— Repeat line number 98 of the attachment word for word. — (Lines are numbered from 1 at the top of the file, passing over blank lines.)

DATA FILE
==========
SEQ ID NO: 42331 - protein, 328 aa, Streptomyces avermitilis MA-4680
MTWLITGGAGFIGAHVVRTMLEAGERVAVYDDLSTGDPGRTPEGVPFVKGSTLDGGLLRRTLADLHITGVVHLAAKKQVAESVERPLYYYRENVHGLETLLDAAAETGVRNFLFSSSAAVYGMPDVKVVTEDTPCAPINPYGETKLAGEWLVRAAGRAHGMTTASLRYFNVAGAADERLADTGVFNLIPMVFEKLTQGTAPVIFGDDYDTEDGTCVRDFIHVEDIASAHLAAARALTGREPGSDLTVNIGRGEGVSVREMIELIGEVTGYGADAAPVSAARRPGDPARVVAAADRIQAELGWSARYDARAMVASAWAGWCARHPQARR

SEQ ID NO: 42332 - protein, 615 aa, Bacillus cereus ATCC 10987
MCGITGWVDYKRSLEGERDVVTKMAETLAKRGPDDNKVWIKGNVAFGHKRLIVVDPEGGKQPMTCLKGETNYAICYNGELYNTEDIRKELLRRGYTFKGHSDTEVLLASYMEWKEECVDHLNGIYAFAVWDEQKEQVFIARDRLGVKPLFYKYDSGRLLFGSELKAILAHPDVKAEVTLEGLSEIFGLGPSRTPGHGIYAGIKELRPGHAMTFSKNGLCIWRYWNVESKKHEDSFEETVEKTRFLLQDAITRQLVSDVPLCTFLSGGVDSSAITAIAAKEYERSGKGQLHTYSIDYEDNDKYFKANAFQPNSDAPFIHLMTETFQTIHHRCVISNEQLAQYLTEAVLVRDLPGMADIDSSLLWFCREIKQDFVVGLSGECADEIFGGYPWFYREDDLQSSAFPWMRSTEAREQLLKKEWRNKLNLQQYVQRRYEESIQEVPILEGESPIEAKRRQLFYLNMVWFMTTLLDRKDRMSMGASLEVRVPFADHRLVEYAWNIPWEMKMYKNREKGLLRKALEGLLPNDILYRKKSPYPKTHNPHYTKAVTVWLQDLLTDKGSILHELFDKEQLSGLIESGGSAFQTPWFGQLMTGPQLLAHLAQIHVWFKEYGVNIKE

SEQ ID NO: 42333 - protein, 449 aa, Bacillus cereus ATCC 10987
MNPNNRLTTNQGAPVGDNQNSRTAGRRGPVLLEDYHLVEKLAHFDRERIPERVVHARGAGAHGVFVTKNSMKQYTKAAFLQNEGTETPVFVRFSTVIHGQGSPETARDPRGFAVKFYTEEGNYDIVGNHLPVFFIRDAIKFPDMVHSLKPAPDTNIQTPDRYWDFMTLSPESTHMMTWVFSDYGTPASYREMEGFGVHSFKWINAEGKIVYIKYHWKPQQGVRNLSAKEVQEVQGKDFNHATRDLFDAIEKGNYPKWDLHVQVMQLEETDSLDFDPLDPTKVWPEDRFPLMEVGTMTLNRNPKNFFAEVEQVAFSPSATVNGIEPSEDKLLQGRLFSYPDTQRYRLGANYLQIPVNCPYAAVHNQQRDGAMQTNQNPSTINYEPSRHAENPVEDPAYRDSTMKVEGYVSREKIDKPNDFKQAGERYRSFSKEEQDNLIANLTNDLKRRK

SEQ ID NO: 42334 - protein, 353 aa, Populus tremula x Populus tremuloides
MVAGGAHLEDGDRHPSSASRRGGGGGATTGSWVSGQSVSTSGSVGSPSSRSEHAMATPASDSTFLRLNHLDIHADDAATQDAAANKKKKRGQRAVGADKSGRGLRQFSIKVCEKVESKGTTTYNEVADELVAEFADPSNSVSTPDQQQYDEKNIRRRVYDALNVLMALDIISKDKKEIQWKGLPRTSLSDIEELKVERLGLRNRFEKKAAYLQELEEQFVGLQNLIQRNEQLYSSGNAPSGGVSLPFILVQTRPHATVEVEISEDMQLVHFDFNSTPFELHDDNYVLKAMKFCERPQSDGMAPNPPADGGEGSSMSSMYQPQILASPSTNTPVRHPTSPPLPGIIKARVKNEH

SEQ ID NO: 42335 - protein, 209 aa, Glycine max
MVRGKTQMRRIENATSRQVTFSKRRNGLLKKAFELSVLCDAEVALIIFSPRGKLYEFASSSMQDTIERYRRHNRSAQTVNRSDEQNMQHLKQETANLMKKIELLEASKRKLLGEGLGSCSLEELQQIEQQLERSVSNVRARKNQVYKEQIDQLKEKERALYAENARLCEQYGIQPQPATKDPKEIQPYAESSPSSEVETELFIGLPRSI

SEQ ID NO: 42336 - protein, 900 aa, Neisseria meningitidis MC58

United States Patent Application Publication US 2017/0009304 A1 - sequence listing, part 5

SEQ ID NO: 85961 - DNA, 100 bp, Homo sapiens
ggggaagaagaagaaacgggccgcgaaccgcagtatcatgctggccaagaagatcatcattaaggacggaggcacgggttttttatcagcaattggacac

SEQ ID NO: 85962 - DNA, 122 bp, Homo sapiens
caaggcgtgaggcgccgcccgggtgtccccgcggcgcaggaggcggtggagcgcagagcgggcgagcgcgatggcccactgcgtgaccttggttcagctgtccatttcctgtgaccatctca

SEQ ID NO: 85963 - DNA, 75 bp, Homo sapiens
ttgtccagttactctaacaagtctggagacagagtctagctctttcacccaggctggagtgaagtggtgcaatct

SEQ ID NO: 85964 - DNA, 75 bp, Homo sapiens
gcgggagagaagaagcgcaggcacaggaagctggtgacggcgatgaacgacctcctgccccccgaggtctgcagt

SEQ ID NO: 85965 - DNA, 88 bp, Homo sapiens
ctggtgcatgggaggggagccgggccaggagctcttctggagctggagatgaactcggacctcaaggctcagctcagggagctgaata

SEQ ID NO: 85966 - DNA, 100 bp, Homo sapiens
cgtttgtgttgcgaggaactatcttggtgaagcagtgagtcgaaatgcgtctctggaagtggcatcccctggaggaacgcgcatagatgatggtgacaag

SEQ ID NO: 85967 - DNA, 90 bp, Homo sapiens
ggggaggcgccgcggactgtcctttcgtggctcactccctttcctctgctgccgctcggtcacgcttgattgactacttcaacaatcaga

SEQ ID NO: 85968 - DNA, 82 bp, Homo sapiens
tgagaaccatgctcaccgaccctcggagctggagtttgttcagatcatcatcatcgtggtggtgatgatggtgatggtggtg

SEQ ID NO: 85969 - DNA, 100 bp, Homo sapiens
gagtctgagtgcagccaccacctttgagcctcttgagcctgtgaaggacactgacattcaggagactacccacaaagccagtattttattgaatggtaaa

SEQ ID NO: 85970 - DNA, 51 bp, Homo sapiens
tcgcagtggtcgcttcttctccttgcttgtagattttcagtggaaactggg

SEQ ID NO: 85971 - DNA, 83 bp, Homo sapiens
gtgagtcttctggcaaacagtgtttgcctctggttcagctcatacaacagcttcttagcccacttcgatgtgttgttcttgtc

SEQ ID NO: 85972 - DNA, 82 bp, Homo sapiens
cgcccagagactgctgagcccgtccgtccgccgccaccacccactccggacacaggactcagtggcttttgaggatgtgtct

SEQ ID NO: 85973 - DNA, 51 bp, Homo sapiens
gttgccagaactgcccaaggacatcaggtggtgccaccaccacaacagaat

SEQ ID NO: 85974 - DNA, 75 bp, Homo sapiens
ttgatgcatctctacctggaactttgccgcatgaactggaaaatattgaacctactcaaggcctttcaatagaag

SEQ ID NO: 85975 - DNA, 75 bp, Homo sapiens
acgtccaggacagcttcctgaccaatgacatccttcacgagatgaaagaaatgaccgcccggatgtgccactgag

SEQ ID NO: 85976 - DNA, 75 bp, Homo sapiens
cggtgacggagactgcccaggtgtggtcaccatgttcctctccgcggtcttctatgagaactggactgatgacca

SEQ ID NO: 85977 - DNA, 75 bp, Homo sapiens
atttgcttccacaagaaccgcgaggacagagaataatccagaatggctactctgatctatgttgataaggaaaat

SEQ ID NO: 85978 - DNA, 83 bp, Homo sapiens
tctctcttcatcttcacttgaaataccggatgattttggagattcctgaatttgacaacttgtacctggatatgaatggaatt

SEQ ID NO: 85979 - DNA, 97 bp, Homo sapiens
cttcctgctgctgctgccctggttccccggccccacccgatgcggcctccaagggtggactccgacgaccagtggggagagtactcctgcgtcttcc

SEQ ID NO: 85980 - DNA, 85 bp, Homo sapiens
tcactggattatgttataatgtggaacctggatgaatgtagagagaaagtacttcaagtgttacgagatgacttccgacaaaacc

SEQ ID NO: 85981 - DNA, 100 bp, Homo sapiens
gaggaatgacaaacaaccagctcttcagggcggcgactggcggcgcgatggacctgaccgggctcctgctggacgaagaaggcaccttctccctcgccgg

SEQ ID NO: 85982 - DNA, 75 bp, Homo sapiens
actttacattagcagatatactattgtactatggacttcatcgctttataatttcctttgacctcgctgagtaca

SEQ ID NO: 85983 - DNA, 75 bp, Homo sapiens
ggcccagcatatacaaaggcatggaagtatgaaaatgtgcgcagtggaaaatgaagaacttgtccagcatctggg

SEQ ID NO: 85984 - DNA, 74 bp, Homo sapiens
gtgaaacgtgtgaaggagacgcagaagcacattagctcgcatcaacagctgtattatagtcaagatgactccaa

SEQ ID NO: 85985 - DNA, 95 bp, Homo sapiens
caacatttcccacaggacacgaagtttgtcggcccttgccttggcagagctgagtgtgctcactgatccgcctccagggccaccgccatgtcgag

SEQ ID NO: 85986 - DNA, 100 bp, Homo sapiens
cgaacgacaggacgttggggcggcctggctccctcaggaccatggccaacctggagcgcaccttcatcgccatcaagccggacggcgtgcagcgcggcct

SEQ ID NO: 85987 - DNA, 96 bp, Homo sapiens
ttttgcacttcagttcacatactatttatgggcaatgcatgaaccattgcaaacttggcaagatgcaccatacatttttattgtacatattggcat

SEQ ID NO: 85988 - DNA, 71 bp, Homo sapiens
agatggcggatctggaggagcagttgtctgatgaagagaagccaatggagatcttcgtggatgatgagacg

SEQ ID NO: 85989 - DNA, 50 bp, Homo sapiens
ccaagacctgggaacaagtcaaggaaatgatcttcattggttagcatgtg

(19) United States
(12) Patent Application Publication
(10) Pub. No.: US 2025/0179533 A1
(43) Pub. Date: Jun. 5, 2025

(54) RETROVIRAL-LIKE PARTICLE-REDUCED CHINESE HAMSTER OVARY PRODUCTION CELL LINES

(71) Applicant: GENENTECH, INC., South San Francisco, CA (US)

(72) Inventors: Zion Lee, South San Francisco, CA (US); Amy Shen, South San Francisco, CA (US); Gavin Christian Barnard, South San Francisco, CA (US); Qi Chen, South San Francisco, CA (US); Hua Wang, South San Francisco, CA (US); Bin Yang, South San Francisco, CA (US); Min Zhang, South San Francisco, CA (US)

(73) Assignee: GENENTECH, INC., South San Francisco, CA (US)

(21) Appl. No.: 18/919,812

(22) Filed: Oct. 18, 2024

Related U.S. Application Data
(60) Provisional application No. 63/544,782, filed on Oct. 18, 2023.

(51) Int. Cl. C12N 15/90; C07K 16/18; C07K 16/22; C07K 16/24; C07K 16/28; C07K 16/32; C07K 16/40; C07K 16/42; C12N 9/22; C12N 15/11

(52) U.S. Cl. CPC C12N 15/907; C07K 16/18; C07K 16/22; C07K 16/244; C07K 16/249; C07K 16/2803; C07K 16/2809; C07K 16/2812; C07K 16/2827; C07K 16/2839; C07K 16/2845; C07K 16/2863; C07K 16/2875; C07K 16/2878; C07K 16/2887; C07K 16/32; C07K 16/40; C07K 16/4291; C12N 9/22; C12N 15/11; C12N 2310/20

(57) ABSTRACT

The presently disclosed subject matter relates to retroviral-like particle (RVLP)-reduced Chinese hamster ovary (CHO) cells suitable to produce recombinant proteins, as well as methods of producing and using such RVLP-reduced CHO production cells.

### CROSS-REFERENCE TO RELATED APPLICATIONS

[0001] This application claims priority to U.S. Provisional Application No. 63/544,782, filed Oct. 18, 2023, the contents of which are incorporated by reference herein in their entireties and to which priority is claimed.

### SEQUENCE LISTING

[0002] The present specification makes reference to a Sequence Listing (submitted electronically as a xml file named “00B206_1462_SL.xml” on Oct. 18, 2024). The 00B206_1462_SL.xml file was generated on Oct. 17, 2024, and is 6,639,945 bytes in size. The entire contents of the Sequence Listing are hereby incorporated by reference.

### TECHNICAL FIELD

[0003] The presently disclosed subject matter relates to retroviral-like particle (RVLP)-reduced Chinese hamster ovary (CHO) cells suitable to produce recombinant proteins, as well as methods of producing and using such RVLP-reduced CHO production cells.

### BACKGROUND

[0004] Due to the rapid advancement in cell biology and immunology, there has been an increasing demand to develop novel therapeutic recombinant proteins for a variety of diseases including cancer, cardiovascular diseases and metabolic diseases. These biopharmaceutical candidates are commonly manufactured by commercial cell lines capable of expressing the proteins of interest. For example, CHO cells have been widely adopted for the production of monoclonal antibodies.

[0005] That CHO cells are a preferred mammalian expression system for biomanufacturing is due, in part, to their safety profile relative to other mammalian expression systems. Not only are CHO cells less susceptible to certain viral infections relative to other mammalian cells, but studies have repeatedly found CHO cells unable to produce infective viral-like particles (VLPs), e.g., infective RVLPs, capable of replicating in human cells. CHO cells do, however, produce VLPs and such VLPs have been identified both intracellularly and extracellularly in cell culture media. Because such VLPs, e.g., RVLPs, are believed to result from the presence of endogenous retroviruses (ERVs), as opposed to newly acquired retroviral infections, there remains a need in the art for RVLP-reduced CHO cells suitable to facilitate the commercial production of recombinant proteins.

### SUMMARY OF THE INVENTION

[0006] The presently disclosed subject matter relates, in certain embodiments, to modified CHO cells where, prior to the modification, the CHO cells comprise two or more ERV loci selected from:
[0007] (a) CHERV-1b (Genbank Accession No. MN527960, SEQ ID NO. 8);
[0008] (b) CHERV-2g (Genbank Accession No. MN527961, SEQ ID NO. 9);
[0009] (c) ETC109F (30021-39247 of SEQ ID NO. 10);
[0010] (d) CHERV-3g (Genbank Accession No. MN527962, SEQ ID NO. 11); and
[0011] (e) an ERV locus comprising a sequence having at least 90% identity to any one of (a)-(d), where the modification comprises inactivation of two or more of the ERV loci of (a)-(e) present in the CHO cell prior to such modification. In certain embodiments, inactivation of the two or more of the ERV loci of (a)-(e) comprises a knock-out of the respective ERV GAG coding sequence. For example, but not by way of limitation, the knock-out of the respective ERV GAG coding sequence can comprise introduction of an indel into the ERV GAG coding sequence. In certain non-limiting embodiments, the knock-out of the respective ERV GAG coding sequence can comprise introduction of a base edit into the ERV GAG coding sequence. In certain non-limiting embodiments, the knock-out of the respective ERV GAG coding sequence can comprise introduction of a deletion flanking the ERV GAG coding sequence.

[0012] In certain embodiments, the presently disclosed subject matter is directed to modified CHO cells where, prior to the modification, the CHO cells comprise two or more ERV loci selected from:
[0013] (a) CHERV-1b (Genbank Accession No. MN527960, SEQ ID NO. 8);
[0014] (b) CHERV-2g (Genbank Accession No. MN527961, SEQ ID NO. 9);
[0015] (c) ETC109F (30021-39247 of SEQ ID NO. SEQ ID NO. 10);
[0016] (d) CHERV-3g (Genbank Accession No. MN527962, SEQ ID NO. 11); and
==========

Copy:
[0007] (a) CHERV-1b (Genbank Accession No. MN527960, SEQ ID NO. 8);